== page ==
Left - Right: P/O. Dickinson, Sgt. Henden and Sgt. Harris - the remaining four shown below, we have been unable to place names to them, can you assist? (courtesy Milton Josephs) In December 2014 Mr Richard Jennings (Methodist Church Archivist for Bede Circuit and Newcastle upon Tyne District) contacted us as a lady from his chapel recognised Sgt. Frederick Wade Stanners on row below as the chap on extreme right.

            

He, like the rest of his crew, made the ultimate sacrifice for his country. One cannot even begin to imagine the sheer terror of flying through flack or being attacked by German night fighters. I have read that airmen on bombers often were a complete bundle of nerves after only a couple of missions and yet they went back out and flew similar missions again and again, night after night until they either died or were reassigned.

One thing I have found quite poignant is that according to the Operational Record Book, their last checkpoint before heading out over the English Channel was RAF Halton, where I have been flying for many years with 613VGS.

Last year, my father and I went to the Reichsweld Forest War Cemetery to visit his grave. Being of the Jewish faith, we wanted to say the mourner’s prayer – Kaddish. Jessel is buried with his six crew-mates. This was a very moving experience for us.'

                  

Burial details:

Originally the crew were buried at Mulen Cemetery, Dulman, Germany but re-interred in Reichswald where the C.W.G.C look after these cemeteries. 

P/O. John Dickinson. Reichswald Forest War Cemetery. Grave: 2.B.9. Son of Alfred and Fanny Dickinson, of Shrewsbury, Shropshire, England.

Sgt. Henry Edward Henden.  Reichswald Forest War Cemetery. Collective grave: 2. B. 5-8. Son of Frederick James Henden 1883-1955 and Emma Elizabeth (née Gorringe) Henden 1880-1950 of Pirbright, Surrey, England. Husband of Doris Irene Bailey 1920-1999.

Sgt. Jessel Hyam Harris. Reichswald Forest War Cemetery. Collective grave: 2. B. 5-8. Maude and Julius Harris in Leeds, Yorkshire, England.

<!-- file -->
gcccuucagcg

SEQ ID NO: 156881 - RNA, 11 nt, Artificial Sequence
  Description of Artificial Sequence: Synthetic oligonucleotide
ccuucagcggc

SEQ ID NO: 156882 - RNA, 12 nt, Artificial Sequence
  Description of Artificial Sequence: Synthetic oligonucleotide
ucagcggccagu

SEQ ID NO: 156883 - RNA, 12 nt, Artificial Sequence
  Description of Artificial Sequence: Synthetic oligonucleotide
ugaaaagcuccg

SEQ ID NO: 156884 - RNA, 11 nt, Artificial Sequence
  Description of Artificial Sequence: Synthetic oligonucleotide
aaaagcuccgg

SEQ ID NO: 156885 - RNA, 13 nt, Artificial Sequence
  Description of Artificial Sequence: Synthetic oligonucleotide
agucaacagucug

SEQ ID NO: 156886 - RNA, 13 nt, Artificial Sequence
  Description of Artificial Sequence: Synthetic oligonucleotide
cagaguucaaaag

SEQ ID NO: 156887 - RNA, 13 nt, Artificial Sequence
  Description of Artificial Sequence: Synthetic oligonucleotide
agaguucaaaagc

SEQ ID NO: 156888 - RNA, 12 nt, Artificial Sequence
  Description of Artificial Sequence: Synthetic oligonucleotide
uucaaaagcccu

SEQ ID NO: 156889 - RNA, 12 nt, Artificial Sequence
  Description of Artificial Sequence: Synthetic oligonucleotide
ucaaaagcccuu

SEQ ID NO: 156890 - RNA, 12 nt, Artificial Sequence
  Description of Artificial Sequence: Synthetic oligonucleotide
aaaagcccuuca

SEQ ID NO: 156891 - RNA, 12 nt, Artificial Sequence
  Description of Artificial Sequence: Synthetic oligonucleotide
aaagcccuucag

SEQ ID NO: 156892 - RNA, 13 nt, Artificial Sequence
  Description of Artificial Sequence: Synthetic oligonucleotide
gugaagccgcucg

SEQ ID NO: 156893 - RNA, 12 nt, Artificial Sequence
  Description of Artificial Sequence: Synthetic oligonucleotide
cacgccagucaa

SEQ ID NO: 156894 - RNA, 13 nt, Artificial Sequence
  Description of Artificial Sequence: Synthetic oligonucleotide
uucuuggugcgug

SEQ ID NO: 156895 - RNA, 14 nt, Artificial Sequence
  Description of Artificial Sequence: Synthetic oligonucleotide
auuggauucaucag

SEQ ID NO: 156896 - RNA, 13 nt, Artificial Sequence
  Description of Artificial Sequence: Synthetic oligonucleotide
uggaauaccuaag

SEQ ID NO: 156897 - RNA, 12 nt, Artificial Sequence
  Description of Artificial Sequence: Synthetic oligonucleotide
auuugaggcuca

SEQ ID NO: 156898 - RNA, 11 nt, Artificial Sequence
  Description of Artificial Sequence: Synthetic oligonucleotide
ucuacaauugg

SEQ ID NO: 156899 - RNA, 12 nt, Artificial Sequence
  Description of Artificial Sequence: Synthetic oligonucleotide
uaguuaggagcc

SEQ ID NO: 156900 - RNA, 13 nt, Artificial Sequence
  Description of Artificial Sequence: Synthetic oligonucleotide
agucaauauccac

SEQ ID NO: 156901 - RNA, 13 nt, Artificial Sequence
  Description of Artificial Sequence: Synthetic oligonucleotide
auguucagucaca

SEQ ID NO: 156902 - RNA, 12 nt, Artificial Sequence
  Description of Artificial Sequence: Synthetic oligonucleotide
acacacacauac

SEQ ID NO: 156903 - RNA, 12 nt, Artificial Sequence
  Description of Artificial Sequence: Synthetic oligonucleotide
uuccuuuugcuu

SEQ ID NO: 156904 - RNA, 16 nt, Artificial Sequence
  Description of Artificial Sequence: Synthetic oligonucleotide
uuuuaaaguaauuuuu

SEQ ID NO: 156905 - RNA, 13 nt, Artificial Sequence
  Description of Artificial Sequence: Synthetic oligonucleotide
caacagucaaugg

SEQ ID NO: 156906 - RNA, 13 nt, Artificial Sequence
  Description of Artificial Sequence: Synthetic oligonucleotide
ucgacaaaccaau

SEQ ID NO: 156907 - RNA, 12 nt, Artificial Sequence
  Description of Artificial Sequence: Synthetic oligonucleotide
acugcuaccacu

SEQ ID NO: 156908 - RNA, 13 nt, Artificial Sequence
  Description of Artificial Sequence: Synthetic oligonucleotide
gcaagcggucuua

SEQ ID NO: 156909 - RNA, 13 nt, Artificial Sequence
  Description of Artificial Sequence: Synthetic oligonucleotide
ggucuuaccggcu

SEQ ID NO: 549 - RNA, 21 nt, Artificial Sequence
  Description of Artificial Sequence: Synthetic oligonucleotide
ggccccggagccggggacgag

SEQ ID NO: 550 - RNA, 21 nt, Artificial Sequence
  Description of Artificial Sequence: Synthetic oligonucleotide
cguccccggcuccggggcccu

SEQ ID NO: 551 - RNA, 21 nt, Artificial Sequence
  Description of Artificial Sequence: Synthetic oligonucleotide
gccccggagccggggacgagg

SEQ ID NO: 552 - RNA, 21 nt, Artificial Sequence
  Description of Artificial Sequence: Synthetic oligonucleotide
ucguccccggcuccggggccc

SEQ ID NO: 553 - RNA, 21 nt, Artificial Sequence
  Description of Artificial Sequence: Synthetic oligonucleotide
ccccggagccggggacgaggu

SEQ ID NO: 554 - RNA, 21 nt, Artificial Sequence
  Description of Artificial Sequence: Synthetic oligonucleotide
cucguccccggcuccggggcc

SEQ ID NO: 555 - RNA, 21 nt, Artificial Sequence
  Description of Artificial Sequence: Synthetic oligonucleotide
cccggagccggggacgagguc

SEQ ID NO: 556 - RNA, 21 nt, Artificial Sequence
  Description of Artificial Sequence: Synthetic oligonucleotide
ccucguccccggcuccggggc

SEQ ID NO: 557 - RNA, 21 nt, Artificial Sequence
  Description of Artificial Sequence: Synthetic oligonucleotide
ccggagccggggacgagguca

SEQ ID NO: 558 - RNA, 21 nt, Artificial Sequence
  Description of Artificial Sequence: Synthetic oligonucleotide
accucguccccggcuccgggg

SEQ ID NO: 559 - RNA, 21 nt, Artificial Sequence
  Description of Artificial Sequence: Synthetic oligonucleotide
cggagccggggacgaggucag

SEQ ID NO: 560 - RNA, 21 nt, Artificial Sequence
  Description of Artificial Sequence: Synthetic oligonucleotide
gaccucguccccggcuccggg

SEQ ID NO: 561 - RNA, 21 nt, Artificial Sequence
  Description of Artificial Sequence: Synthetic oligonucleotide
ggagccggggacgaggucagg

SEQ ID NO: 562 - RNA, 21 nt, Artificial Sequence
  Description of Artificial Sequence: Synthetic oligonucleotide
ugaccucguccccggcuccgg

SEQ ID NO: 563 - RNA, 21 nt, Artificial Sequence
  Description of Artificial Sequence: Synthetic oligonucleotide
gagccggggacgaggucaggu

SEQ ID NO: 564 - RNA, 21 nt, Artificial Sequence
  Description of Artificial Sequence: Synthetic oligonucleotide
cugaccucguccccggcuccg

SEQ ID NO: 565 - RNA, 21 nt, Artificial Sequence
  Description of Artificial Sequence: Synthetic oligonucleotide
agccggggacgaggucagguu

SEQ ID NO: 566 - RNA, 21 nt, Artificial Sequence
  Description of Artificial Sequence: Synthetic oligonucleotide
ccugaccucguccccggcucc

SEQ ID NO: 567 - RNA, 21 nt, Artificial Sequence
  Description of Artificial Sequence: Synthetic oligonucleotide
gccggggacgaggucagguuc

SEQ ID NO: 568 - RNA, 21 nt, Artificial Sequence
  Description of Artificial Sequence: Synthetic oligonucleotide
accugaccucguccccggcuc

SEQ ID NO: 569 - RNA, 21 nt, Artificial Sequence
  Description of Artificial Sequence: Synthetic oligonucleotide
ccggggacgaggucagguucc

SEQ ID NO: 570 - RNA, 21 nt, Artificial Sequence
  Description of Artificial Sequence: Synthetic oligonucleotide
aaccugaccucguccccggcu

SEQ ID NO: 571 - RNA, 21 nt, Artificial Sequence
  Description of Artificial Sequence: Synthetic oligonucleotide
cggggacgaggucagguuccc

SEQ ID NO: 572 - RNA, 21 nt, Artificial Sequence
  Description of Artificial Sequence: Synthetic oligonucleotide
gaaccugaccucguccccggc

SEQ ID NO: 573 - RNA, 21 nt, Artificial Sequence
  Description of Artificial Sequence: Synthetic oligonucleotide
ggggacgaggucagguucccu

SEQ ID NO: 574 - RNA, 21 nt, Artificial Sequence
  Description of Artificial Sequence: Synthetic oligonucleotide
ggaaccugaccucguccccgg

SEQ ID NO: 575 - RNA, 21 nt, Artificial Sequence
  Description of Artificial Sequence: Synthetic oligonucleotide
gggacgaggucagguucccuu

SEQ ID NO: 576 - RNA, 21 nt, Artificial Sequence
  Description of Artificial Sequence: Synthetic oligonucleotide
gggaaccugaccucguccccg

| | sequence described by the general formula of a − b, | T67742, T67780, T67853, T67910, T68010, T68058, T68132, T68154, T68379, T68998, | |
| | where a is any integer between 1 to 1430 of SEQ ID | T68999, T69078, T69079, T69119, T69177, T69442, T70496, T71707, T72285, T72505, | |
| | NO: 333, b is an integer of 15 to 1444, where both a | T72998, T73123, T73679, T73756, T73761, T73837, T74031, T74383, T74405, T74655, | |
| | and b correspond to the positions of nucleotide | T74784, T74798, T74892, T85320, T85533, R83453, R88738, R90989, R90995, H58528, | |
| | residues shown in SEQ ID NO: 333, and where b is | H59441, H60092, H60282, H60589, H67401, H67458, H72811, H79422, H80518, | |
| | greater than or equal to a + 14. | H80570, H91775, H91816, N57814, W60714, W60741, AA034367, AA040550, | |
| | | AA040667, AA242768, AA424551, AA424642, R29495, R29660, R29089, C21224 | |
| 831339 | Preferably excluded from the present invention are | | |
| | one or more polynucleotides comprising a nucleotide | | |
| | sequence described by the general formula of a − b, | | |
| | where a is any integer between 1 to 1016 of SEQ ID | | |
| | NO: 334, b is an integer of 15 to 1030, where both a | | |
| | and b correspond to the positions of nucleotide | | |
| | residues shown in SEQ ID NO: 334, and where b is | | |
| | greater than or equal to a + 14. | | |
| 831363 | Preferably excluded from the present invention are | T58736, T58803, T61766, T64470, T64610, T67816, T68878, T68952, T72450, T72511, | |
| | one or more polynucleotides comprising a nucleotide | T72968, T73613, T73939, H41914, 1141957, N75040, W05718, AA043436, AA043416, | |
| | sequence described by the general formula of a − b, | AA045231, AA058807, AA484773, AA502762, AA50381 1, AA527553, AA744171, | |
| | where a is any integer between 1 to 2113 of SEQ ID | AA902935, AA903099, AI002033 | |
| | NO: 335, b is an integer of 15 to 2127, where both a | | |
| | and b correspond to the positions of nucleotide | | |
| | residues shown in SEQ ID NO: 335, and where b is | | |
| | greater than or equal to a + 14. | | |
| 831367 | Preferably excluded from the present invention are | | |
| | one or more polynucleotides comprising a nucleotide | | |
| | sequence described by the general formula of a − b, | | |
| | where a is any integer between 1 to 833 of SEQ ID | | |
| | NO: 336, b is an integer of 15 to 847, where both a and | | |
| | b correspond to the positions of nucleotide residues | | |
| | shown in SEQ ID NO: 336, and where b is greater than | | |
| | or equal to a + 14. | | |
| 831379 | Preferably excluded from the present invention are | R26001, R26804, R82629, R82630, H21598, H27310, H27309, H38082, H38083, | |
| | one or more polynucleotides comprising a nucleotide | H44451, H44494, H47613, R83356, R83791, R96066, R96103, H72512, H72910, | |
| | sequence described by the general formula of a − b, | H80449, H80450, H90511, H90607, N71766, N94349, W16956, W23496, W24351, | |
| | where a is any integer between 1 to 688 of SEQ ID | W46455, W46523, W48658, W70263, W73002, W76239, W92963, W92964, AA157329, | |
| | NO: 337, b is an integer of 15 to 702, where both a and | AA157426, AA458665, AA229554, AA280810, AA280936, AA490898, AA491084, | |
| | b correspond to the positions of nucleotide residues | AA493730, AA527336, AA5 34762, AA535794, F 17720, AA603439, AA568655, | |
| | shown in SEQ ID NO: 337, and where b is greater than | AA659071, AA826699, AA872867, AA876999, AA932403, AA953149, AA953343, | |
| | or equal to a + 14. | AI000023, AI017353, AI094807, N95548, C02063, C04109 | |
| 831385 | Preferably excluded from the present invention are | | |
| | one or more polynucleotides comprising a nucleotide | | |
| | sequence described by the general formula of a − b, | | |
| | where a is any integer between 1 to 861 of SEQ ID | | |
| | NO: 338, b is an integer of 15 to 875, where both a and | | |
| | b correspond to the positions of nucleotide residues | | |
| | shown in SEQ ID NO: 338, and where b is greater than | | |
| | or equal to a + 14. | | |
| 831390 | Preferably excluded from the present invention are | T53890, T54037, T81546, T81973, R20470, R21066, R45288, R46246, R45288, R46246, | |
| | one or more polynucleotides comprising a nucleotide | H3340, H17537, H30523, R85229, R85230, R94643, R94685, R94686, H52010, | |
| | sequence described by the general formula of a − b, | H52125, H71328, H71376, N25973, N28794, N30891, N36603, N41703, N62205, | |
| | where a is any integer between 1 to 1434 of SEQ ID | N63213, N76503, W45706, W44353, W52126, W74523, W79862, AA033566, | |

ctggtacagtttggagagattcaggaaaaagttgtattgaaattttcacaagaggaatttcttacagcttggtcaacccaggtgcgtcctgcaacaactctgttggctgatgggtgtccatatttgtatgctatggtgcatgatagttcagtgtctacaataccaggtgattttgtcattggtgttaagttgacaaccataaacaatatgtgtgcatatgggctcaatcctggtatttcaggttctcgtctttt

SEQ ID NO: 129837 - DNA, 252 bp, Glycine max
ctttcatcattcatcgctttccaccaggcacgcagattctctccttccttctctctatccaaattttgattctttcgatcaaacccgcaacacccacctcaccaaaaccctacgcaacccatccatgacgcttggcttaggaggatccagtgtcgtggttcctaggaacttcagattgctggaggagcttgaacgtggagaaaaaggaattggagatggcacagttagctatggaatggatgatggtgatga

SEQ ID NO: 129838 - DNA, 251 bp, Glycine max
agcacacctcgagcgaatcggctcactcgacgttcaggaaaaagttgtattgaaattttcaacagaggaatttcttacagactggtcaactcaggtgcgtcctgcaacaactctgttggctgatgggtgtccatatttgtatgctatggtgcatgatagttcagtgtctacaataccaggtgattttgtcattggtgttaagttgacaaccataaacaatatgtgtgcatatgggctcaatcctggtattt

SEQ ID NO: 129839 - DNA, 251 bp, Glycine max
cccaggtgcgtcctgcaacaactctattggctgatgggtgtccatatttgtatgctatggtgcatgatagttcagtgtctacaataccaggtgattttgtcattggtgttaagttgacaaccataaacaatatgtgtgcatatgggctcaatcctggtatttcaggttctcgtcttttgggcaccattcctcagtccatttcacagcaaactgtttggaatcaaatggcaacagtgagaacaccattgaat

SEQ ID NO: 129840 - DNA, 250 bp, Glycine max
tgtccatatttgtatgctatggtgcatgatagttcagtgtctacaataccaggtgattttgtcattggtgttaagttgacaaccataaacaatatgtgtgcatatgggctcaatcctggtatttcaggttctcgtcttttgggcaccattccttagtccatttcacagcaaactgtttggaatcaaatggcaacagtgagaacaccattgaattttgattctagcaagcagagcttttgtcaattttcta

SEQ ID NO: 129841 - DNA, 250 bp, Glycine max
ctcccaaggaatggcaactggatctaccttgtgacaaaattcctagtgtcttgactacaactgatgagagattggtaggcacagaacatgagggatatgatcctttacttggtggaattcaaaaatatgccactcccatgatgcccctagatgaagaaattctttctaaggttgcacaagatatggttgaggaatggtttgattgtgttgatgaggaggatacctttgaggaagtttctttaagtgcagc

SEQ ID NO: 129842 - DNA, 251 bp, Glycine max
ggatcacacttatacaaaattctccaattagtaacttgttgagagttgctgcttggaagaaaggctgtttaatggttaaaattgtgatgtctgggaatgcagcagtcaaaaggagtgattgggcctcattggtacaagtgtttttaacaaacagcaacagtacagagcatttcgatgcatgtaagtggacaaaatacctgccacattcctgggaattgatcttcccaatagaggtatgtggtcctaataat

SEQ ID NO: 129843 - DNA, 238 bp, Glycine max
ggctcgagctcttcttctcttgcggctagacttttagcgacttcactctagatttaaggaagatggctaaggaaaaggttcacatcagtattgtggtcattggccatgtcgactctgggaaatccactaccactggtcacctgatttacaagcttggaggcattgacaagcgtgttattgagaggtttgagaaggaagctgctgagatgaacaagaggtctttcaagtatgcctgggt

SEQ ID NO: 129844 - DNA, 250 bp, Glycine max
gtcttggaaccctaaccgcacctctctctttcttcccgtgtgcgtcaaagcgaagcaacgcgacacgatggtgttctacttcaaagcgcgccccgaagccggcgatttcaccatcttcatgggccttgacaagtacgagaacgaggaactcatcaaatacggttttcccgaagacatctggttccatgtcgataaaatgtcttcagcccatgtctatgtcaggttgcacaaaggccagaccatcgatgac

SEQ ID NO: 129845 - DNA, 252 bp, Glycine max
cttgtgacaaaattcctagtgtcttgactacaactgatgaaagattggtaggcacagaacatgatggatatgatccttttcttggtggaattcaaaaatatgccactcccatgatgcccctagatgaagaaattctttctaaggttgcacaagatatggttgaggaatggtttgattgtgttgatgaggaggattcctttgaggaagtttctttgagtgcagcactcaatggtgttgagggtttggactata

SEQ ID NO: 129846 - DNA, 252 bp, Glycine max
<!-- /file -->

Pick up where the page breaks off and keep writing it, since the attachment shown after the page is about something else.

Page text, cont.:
Sgt. Frederick Wade Stanners. Reichswald Forest War Cemetery. Collective grave: 2. B. 5-8. Son of Albert Hardy Stanners, and of Barbara A. Stanners, of Springwell, Co. Durham, England.

Sgt. John Ernest Smith. Reichswald Forest War Cemetery. Grave: 2. B. 10. Next of kin details currently not available - are you able to assist completion of these and any other information?

Sgt. Leslie John Gait. Reichswald Forest War Cemetery. Grave: 2. B. 11. Son of John Howard Gait 1891-1974 and Elsie (née Lawrence) Gait 1887-1967, of Masbury, Somerset, England. Born in Somerset 1922. 

Also commemorated on the Beaminster 1939-45 War Memorial as shown above (courtesy Jonathan Foster)

Sgt. Frank Patrick Crawford. Reichswald Forest War Cemetery. Collective grave: 2. B. 5-8. Son of Francis Crawford 1895-1967 and Rosanne (née Markey) Crawford 1894-1970 of Dundee, Angus. Born 30th January 1921.

With thanks to F/O. Milton Josephs - relative of Sgt. Harris for photographs and extensive information supplied. Additional details courtesy of Richard Jennings. Further information kindly submitted in January 2015 by Jonathan Foster on behalf of the family of Sgt. Henden. Bill Chorley - 'Bomber Command Losses Vol's. 1-9, plus ongoing revisions', Martin Middlebrook and Chris Everitt - 'Bomber Command War Diaries', Commonwealth War Graves Commission.

Acknowledgements: Sources used by us in compiling Archive Reports include: Bill Chorley - 'Bomber Command Losses Vols. 1-9, plus ongoing revisions', Dr. Theo E.W. Boiten and Mr. Roderick J. Mackenzie - 'Nightfighter War Diaries Vols. 1 and 2', Martin Middlebrook and Chris Everitt - 'Bomber Command War Diaries', Commonwealth War Graves Commission, Tom Kracker - Kracker Luftwaffe Archives and Fred Paradie - Paradie Archive (both on this site), Robert Gretzyngier, Wojtek Matusiak, Waldemar Wójcik and Józef Zieliński - 'Ku Czci Połeglyçh Lotnikow 1939-1945', Anna Krzystek, Tadeusz Krzystek - 'Polskie Siły Powietrzne w Wielkiej Brytanii', Norman L.R. Franks 'Fighter Command Losses', Aircrew Remembered Databases and our own archives. We are grateful for the support and encouragement of UK Imperial War Museum, Australian War Memorial, Australian National Archives, UK National Archives and Fold3 and countless dedicated friends and researchers across the world.